How to protect referenced secrets from being seen

We are currently not yet on the PRO plan, but looking at the docs, I’m not sure what I’m about to ask is actually possible.

We want application developers to have some autonomy in managing most secrets for their project, but there are certain secrets values they should not be able to see. For example, developers are not allowed to view the Prod Database password, but should be able to reference them.

Can this be achieved? Based on the docs it seems that collaborators are also allowed to generate service tokens. The service token can be used to fetch the underlying secret.

Maybe I’m going about this wrong. What are the best practices here?

Hi @boedy!

Could you elaborate a little about the kinds of scenarios you’re wanting to handle here where you’d want a user to be able to add a reference to a production secret in a non-production config or project? Our Pull Requests feature is intended to allow users to propose changes to secrets in configs they don’t have access to, but there’s no real way to allow a user to add a reference to a secret in a project or config they have full access to without also letting them view the value after adding the reference.

If you have a day-to-day use case that requires this, it would be very helpful if you could explain a bit more about the workflow and why it’s needed.


Hi @watsonian,

I guess, since the not so secrete config discussion I’m running the thought experiment to store all env variables in Doppler.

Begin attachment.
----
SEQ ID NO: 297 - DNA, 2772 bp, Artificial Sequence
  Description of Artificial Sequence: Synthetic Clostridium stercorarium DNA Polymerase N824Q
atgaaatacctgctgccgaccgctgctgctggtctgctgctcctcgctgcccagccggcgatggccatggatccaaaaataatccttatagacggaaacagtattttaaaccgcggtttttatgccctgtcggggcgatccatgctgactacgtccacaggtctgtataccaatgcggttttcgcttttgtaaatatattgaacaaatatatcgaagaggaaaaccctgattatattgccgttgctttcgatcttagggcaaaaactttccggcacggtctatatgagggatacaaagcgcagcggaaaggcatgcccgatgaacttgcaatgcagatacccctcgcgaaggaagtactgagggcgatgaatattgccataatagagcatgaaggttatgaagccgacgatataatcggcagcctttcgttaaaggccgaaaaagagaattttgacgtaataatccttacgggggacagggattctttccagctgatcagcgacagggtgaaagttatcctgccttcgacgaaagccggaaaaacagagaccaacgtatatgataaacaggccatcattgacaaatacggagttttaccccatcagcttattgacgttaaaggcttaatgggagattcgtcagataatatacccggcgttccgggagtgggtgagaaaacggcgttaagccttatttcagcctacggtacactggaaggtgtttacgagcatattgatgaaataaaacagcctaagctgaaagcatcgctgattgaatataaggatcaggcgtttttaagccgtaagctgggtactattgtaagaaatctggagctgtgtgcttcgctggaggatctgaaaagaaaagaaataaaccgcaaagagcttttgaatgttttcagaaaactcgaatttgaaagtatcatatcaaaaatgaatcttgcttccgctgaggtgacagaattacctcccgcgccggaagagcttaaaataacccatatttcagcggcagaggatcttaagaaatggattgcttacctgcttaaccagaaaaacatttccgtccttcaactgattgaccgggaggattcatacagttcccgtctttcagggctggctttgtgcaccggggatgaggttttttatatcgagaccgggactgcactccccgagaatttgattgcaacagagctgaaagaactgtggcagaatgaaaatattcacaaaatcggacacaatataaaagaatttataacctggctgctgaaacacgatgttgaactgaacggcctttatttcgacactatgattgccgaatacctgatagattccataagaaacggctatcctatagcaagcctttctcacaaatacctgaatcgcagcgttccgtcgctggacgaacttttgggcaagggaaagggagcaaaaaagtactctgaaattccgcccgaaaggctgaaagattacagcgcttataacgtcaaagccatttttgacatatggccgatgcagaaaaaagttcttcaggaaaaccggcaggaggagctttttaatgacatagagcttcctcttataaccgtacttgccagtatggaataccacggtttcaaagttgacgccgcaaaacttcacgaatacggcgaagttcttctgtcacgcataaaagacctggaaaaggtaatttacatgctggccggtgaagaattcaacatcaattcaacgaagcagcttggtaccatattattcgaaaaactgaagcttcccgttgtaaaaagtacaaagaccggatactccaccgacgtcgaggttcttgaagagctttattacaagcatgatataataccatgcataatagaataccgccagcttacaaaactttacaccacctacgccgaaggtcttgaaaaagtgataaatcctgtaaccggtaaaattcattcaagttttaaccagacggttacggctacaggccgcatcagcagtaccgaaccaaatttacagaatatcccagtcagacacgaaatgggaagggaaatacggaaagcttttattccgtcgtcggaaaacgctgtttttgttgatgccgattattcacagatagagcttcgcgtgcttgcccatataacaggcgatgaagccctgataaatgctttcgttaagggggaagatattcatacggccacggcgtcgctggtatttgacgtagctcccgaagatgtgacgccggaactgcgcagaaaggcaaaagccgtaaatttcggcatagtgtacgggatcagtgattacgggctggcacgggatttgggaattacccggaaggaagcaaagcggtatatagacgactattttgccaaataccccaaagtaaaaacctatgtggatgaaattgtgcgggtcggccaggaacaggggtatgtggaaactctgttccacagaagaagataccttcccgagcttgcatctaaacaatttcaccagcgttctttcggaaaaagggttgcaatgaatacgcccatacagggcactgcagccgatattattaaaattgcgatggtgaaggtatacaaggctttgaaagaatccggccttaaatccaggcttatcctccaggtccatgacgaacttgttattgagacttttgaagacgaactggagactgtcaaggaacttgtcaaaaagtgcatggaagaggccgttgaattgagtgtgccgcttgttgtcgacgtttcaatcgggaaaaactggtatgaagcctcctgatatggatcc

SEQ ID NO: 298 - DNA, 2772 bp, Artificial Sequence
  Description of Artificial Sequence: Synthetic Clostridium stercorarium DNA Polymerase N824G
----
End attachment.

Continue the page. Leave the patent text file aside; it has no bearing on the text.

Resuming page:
Developers - for the projects they manage - should be free to add new ENV variables to the production configs, but things like database passwords are not managed by them and should not be accessible to them.

Hope this helps.

We are in a similar space to you @boedy . We have been working off a Teams account for almost a year, and are planning on moving to Enterprise in the not-too-distant future.

The way we will be doing this is as follows:

  1. We create developer, test, and production environments for each team
  2. The teams can manage and see developer configuration secrets, but they can’t access or edit test and production configuration secrets.
  3. Our delivery team will script the creation of secrets for teams for their test and production environments using a service token specific for the delivery team. This way our CI/CD pipeline can access the secrets for the test and production environments, but the team members can’t.
  4. Any common secrets are put in the Common project and are accessed within other projects via ${common.configuration.secret_name} templating.

The templating concept works great. We have numerous centralized resources that are referenced in all our projects, and it makes it easy to rotate them since they are only stored in the Common project.

One pattern for this would be to have one project for configuration and another for credentials. For example, if you had a service named “widgets”, you might have a project named widgets-configuration and another named widgets-credentials. You could then provide all your engineers with full access to the configuration project and then limit them to dev on the credentials project (or even block access entirely). You could then use cross-project secret referencing to pull in whichever secrets you need to your deployment config (wherever you end up having that). Using this setup would give you a little more access control over the different types of secrets for your projects.

Thanks for sharing how you’re setting things up in your environment! Love seeing more people involved in the forum! :smiley: